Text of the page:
Two tabs on GetBritainStanding.org I would like to highlight as being very useful are the “Employers” and “Solutions” tabs. The section for employers has a comprehensive review of everything one needs to know to convert his or her office from a sedentary to an active work environment. This tab also includes key information for employers, the costs of sitting, regulations, and other necessary parts for an employer to consider. It also has a link to reserve a spot at the annual Active Working Summit, where companies are educated on the many benefits of active working. The “Solutions” tab is also significant because it offers many sit-stand solutions with desktop risers similar to the Standee Classic, help with getting started, as well as discount vouchers. Moreover, in this tab there is a section for one to post and read stories and experiences regarding the switching to a sit-stand station as well as Q & A.  

 

            One of the unique features on this site is the “Sitting Calculator” which is conveniently placed directly on the homepage. This calculator allows you to determine your risk level based on your sitting time. To do this, the calculator asks you to estimate the time you spend sitting daily while you eat, commute, work, and relax. After estimating the amount of time in each of these areas, you hit calculate and see your risk level which ranges from “low” to “very high.” Next time you get a chance, go on to GetBritainStanding.org and check out your risk level, it may motivate you to start standing today!

            GetBritainStanding.org does a great job at including the necessary information one needs if they are considering switching to an active work environment. Although many of the statistics displayed on the site such as “British people sit for 8.9 hours each day (on average)” are directed towards the British, all of the information regarding the health risks and transition to standing is universal and should be brought to the attention people around the world that are making, or considering to make, the change. Check it out now.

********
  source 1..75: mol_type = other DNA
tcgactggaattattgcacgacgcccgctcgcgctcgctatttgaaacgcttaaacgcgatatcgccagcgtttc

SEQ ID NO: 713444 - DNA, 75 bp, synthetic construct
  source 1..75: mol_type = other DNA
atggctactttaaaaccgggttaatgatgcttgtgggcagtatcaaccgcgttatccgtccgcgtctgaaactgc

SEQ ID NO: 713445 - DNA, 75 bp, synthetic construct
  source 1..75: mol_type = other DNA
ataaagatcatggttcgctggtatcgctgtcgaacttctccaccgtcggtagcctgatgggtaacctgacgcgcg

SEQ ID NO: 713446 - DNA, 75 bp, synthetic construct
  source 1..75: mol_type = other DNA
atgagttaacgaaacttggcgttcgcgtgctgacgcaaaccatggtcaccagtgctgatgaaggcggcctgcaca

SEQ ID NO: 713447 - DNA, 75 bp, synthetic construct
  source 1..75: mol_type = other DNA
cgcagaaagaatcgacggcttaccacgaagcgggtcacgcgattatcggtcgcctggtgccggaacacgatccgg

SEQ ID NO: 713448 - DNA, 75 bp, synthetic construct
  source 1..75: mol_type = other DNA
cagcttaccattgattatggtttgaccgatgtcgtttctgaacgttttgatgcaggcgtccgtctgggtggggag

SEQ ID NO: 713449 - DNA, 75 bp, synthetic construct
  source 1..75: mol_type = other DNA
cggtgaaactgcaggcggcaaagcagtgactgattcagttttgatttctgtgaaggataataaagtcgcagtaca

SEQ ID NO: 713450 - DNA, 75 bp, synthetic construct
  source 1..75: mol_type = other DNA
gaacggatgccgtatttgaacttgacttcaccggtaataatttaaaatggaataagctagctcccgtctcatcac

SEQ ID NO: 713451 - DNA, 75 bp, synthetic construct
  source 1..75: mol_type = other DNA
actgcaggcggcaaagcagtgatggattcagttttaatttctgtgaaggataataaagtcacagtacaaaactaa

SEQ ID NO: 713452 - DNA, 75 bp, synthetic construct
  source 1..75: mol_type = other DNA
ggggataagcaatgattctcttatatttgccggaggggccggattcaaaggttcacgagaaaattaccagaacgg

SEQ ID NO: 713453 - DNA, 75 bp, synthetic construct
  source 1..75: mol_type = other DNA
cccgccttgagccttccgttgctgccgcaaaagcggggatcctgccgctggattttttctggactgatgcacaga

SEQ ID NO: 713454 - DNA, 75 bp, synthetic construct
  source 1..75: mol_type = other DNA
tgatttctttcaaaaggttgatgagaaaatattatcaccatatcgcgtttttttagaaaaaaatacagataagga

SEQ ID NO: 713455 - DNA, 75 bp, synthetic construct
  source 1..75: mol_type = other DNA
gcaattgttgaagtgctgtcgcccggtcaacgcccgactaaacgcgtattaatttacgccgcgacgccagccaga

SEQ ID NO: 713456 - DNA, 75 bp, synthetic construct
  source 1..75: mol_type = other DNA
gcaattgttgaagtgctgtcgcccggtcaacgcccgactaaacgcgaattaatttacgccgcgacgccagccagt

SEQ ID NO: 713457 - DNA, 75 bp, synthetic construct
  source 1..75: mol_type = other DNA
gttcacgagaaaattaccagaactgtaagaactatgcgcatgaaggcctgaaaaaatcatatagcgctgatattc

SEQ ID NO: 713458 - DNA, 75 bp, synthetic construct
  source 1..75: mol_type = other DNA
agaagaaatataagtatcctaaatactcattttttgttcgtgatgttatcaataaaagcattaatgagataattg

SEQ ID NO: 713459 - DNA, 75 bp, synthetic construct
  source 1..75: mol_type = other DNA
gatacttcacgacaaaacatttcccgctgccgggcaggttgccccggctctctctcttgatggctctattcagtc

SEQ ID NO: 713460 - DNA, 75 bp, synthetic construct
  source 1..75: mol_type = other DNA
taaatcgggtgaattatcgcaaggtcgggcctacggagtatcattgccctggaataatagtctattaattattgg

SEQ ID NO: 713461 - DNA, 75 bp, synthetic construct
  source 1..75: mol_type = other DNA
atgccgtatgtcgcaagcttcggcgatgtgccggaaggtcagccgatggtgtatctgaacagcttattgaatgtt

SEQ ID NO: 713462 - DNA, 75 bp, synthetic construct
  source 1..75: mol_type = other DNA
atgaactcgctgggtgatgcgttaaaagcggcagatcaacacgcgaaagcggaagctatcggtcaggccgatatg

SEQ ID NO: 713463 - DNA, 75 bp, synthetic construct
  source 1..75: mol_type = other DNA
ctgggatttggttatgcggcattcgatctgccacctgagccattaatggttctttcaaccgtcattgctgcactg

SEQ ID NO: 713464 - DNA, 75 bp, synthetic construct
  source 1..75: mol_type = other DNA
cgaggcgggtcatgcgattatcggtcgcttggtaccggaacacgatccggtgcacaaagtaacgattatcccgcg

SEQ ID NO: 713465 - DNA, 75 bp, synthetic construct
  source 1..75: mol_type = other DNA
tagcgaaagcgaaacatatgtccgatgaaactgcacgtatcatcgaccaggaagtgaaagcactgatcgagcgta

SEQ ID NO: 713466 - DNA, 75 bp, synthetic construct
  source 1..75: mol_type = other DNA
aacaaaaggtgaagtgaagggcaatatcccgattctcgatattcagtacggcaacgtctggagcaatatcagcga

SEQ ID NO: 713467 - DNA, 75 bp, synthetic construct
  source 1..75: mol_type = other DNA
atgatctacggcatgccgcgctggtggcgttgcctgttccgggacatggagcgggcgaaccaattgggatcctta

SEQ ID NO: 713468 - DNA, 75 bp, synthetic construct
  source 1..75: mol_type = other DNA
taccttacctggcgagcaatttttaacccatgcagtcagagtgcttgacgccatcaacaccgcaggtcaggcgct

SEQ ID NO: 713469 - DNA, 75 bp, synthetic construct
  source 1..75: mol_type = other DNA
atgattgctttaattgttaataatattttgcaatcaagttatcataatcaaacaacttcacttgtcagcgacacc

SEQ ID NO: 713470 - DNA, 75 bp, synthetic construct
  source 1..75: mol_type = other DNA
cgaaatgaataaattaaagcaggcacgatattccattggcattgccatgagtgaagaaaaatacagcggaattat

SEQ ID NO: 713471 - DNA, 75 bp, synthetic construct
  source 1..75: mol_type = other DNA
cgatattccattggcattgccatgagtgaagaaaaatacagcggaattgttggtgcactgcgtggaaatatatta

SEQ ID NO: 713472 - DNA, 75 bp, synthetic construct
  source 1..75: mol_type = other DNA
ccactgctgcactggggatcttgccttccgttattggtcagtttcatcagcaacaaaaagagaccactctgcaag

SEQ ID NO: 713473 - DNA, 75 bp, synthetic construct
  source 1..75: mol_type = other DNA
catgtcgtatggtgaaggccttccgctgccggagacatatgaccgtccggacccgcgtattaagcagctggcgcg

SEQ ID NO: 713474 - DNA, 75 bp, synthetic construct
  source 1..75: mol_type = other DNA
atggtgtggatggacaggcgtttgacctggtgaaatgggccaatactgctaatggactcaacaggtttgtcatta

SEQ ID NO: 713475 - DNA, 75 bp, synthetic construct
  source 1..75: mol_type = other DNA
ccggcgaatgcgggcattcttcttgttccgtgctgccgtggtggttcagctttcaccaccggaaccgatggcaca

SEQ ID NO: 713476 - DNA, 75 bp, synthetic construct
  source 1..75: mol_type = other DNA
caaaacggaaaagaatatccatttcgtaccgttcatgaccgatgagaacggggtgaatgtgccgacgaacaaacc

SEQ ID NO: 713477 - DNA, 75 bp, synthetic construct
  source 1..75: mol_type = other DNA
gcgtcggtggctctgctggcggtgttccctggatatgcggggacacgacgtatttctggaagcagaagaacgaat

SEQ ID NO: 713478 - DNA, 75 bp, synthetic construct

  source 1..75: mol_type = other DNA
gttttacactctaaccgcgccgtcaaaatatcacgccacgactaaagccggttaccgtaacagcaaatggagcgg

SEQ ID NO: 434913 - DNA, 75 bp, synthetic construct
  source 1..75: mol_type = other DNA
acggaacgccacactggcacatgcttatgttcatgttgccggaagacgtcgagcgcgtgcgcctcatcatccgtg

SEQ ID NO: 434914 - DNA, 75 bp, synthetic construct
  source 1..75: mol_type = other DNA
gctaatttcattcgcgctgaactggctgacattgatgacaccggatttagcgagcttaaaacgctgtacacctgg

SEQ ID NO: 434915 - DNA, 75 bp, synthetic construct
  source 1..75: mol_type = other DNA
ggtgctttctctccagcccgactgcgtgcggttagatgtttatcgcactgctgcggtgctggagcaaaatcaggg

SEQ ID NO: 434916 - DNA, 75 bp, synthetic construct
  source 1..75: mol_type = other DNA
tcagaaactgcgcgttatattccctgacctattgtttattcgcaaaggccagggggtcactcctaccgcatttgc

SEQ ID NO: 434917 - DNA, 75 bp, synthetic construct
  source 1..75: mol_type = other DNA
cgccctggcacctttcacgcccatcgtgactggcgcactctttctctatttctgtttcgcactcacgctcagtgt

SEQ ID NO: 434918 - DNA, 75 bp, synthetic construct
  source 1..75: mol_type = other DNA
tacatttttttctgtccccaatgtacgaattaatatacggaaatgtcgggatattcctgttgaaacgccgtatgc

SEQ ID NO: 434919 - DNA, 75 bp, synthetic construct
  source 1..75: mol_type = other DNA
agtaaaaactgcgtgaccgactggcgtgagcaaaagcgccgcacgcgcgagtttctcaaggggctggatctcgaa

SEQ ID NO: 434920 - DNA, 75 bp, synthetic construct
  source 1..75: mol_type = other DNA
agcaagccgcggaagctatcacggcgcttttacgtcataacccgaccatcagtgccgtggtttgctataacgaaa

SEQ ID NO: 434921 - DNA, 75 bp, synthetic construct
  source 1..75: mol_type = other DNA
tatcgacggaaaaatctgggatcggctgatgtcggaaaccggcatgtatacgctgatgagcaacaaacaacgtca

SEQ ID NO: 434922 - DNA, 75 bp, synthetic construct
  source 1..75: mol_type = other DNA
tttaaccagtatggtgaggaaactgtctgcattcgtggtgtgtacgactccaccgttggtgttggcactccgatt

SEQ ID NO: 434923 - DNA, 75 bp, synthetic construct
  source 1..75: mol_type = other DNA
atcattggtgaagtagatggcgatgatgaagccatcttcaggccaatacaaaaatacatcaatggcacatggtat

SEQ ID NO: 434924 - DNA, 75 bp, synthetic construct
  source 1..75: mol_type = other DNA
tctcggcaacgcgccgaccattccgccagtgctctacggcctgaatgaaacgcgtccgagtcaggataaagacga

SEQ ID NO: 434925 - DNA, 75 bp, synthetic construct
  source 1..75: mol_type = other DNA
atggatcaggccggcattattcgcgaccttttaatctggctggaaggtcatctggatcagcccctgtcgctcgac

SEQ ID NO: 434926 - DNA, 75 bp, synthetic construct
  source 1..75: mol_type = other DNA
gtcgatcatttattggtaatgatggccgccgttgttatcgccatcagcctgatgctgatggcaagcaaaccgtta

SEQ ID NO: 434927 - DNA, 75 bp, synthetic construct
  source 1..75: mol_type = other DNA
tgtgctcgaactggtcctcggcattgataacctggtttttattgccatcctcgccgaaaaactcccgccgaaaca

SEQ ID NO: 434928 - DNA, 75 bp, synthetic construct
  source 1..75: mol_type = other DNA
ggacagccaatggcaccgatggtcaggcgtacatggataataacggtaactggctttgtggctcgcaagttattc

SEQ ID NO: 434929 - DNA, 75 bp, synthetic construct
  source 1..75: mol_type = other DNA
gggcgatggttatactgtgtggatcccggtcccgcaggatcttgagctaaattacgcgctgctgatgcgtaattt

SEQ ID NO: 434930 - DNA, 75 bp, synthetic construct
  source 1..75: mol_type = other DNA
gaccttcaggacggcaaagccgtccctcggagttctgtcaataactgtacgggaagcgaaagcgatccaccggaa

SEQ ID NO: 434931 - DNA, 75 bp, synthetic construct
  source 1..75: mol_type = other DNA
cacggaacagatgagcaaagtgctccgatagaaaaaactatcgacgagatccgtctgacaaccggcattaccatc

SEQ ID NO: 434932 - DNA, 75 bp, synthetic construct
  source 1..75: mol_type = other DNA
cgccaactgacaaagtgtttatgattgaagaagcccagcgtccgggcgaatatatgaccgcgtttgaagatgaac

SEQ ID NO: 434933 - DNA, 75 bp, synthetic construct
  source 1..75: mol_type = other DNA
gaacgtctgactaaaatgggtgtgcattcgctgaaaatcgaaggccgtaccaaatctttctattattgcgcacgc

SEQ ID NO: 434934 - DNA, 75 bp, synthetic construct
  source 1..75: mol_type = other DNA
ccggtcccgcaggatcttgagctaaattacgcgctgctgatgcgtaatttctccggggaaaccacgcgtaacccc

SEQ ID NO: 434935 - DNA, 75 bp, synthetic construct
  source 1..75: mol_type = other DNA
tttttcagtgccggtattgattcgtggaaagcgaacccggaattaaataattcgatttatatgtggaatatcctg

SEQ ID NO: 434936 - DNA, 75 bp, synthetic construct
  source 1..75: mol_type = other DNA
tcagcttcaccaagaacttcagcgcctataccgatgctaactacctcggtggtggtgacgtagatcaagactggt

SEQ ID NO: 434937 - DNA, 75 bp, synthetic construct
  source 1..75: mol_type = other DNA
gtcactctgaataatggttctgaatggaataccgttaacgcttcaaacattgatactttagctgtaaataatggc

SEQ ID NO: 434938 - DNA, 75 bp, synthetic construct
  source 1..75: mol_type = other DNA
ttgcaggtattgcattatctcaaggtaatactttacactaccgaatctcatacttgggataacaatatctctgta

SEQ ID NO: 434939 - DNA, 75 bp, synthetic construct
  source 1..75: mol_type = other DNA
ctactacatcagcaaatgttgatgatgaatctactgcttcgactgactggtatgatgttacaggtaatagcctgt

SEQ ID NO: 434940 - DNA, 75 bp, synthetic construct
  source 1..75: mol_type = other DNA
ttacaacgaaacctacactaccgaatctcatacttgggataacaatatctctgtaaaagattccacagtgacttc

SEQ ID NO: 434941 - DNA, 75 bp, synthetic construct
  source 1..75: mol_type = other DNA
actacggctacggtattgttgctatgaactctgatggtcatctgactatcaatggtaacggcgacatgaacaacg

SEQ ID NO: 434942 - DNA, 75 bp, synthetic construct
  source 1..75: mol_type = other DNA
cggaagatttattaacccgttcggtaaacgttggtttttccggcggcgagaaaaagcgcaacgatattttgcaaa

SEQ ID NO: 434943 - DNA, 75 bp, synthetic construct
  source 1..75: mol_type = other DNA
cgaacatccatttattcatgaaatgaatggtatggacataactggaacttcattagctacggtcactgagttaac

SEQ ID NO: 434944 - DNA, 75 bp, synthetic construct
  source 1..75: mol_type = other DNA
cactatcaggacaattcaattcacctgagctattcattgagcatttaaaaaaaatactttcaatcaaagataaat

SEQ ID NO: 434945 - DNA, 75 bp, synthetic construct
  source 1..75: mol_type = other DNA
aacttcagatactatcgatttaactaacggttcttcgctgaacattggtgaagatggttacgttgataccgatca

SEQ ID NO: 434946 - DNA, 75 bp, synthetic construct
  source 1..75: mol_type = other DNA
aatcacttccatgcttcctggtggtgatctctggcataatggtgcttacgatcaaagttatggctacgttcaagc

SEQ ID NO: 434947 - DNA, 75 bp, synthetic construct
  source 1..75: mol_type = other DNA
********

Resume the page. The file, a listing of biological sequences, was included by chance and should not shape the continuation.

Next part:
10 Office Exercises You Can Do at Work

The main idea behind an active work environment is to avoid sitting for prolonged periods of time.  Therefore, if you sit at a desk for the majority of the day, there are many exercises that you can do to disrupt your time sitting.

 

There are many ways to avoid sitting all day such as using a stand up desk like the Standee Classic or simply getting out of your chair and doing a few exercises.  If you are creative, the office provides a perfect place to get in a quick workout.

 

There are multiple office exercises that you can find with a simple Google search, but which ones make the most sense? Here are 10 of my favorites:

 

1. Tricep Desk Dips

Place your butt on the edge of your desk, and then place your palms on the edge of the desk on either side of you. Keeping your feet together, bend at the elbows and slide forward off the desk and dip down a few inches, and then push back up. Dip to where your elbows are bent at 90 degrees. Do this 20 times. For a variation, put your feet on a chair.

 

http://www.forbes.com/pictures/efkk45efdje/tricep-desk-dips-2/

 

2. Carpal Tunnel Reliever 

You shouldn’t suffer from carpal tunnel syndrome if you do this exercise daily. Stand at your desk, and with arms straight, place your palms on the desk with your fingers pointed toward you. Lower your body slowly until you feel the stretch. Do for 15 seconds. Repeat as needed through the day.

 

http://www.forbes.com/pictures/efkk45efdje/carpal-tunnel-reliever-2/

 

3. Water Bottle Workouts

As most offices don’t have workout equipment, a full water bottle can work as the perfect light dumbbell.

 

Sit tall with abs pulled in. Hold water bottle in right hand and curl it up towards your shoulder. Repeat 15 times. Change arms.

 

You can also use your water bottle to do front arm raises and overhead presses.

Hold your water bottle in right hand. Bend elbow. Extend arm overhead. Repeat on other side.

 

Water bottle twists are a great way to work your waistline.